Our Beverly Hills dental office offers single tooth dentures to replace a tooth that you have lost to an accident, infection, or age. The most noticeable effect of one or more missing teeth is usually aesthetic. The way you look influences the way you feel. The psychological and social consequences of tooth loss can have negative effects on a person’s self-esteem. However, a missing tooth does not just cause unsightly gaps, it can also have a damaging effect on your overall dental health.
Even the loss of one tooth may cause the other teeth in your mouth to shift and the facial muscles to sag, creating an older appearance. The alveolar bone that supports the teeth needs stimulation from adjoining teeth to maintain its form and density. When a tooth is missing, the lack of stimulation causes the bone to lose its external width, height and bone volume. When the alveolar bone starts to lose density, the basal bone (or jawbone) beneath it also begins to dissipate, causing facial muscles to collapse over time. Fortunately, we can replace missing teeth.
A single tooth denture, also known as a partial denture, is a simple method for replacing a missing tooth. Single tooth dentures consist of artificial teeth with a pink or gum-colored plastic base. Single tooth dentures are held together at the base by metal framework that keeps the denture in place when it is in the mouth. A partial denture is detachable and consists of metal clasps that attach to the adjacent teeth, similar to an orthodontic retainer. A single tooth denture should be removed daily for cleaning and sleeping.
Single tooth dentures are a popular option for many people because of how cost-effective they are, especially in comparison to implants or fixed bridges. It is the most non-invasive option for replacing one or more missing teeth and can be beneficial to anyone who may be medically compromised or cannot handle a more invasive dental procedure. While a single, partial denture does rely on neighboring teeth for support, the condition of the surrounding teeth does not necessarily affect its success. In the event, a single tooth denture sustains any cracks, chips or sustains damage, repairing or replacing it is a reasonably simple process and costs very little.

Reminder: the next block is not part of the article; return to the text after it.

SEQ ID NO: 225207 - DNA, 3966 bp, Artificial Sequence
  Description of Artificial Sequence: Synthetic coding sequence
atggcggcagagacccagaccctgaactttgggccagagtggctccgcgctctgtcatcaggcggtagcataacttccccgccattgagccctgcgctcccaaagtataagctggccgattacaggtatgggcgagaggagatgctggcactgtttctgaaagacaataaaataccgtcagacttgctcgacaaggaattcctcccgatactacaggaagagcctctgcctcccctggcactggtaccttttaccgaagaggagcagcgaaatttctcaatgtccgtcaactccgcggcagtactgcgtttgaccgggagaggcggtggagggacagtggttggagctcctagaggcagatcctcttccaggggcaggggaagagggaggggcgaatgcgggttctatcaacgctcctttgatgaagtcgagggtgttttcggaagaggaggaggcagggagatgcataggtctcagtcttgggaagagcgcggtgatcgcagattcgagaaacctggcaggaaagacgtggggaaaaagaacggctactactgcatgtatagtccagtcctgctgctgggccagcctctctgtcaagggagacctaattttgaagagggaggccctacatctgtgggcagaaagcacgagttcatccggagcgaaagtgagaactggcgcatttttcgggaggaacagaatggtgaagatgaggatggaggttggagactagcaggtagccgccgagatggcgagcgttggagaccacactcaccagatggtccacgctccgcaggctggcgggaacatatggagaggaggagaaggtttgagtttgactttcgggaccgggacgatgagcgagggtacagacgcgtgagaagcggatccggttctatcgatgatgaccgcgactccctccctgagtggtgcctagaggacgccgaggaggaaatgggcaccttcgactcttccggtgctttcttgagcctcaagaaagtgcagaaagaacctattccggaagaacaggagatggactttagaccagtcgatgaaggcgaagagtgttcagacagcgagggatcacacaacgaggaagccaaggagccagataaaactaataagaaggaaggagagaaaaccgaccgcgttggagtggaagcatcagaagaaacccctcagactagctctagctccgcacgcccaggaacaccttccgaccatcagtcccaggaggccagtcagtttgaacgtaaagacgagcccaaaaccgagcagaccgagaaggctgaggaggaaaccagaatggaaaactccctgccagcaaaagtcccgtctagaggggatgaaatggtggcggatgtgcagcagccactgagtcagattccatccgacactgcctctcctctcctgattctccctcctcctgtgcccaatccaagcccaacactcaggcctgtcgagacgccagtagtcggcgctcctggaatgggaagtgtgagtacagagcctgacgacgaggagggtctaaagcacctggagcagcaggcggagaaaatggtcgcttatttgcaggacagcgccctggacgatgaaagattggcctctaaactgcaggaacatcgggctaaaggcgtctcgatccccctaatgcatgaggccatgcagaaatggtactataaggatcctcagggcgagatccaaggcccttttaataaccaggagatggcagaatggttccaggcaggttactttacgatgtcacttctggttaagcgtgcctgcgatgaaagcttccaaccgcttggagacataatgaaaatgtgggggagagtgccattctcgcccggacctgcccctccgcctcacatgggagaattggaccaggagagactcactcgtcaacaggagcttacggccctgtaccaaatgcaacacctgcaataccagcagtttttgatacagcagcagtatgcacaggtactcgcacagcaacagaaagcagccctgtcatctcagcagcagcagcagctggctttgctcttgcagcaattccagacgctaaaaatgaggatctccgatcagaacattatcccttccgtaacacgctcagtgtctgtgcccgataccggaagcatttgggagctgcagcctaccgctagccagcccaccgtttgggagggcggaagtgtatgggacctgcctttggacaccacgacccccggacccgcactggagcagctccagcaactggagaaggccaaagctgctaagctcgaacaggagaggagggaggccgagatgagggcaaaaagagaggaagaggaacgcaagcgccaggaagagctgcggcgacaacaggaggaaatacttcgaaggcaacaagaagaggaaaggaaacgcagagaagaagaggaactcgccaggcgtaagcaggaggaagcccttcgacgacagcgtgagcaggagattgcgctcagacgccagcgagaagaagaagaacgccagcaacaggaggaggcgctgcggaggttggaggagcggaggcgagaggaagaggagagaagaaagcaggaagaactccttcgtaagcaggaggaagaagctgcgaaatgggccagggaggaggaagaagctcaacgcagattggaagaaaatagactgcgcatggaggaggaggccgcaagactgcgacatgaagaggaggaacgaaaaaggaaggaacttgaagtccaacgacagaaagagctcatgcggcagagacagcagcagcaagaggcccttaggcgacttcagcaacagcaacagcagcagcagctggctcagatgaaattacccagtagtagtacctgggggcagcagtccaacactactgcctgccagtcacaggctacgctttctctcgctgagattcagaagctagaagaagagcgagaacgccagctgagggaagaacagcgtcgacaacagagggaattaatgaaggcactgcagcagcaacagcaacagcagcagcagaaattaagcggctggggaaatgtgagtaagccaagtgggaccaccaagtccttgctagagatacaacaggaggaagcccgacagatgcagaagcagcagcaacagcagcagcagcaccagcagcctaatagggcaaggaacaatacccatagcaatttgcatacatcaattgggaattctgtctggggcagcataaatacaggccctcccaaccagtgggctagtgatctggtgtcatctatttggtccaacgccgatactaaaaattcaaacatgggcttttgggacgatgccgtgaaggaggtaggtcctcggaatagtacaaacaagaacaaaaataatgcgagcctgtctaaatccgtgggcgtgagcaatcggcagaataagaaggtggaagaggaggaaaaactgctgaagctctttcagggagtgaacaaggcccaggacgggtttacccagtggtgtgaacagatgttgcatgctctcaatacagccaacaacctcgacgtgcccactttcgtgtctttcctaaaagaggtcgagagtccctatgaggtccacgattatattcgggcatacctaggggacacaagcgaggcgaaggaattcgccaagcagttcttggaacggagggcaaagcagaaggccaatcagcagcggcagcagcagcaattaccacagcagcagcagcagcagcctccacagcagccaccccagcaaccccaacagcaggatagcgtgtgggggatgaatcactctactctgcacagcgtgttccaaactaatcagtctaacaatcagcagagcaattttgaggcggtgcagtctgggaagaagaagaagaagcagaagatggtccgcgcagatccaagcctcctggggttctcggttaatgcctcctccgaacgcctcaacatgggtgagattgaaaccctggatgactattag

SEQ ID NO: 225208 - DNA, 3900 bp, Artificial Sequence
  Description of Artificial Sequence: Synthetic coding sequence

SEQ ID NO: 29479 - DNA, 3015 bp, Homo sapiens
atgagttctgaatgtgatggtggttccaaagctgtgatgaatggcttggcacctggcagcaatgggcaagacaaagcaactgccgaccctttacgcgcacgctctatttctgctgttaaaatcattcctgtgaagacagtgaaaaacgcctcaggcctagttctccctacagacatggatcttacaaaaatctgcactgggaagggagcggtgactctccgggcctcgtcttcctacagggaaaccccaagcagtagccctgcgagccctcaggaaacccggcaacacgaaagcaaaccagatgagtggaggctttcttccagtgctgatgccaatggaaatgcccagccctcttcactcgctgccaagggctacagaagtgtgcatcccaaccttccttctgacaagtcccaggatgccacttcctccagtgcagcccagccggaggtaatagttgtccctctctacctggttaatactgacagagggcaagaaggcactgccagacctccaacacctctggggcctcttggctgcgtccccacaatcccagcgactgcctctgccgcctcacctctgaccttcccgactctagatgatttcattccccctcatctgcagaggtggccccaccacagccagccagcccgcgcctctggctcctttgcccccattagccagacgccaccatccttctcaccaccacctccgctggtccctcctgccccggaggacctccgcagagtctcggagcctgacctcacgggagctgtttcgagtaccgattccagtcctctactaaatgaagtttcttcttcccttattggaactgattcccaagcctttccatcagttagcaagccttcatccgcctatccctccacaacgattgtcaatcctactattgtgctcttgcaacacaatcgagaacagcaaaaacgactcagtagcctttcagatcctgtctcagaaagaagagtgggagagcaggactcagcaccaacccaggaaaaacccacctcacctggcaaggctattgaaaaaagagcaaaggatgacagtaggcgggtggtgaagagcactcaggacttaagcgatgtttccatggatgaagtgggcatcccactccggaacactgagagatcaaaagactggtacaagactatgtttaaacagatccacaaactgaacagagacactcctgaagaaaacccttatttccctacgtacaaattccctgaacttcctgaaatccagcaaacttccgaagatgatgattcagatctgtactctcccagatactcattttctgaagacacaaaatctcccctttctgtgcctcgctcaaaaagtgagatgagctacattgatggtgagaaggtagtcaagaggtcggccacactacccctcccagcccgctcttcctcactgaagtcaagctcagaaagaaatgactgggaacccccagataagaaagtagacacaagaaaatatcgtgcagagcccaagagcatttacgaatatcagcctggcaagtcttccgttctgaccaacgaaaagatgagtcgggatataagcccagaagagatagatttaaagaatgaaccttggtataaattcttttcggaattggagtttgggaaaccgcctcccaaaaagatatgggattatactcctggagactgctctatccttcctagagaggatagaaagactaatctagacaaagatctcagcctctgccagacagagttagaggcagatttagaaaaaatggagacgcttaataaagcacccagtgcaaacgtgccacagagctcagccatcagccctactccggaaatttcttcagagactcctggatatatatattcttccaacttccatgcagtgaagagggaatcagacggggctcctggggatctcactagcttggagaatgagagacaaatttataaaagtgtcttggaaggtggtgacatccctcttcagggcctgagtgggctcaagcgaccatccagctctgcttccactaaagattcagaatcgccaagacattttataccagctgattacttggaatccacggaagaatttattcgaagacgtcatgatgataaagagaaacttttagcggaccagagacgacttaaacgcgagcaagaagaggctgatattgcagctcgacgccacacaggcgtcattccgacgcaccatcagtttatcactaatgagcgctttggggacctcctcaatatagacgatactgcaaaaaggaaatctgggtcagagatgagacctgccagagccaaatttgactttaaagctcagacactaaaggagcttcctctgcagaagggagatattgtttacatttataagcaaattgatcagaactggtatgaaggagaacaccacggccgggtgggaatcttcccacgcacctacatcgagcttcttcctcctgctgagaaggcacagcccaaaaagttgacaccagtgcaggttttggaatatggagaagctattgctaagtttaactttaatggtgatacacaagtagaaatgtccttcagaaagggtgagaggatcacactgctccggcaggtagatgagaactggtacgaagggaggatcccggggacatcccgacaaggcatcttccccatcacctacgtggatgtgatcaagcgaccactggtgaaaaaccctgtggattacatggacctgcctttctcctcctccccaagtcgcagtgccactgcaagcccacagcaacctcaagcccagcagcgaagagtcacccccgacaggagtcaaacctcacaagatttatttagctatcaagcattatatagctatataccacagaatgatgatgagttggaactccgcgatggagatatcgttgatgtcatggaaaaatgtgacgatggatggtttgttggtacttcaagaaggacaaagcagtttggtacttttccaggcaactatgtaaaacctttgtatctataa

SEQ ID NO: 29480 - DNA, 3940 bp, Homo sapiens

New dentures may feel a little strange and loose for the first few weeks until the tongue and muscles within the cheeks learn to keep them in place. It is quite common for many people to feel some minor soreness initially, but these problems soon go away as the mouth adjusts.
Routine actions, such as eating, with a new, single tooth denture may take a little practice and can be initially uncomfortable for some denture wearers. To get used to the new denture, start with soft foods and cut them into small pieces. It is best to chew slowly using both sides of your mouth. As you get used to new dentures, introduce other foods until you return to your normal diet. Be cautious with extremely hot or hard foods and sharp-edged bones or shells. Avoid foods that are extremely sticky or hard, like candy or gum, since these may stick to the denture and prove difficult to get out.
Some people may have trouble pronouncing certain words and should practice saying the difficult words out loud until they become accustomed to speaking properly with their new denture. If while talking, the denture makes a clicking sound, you may need to have it adjusted.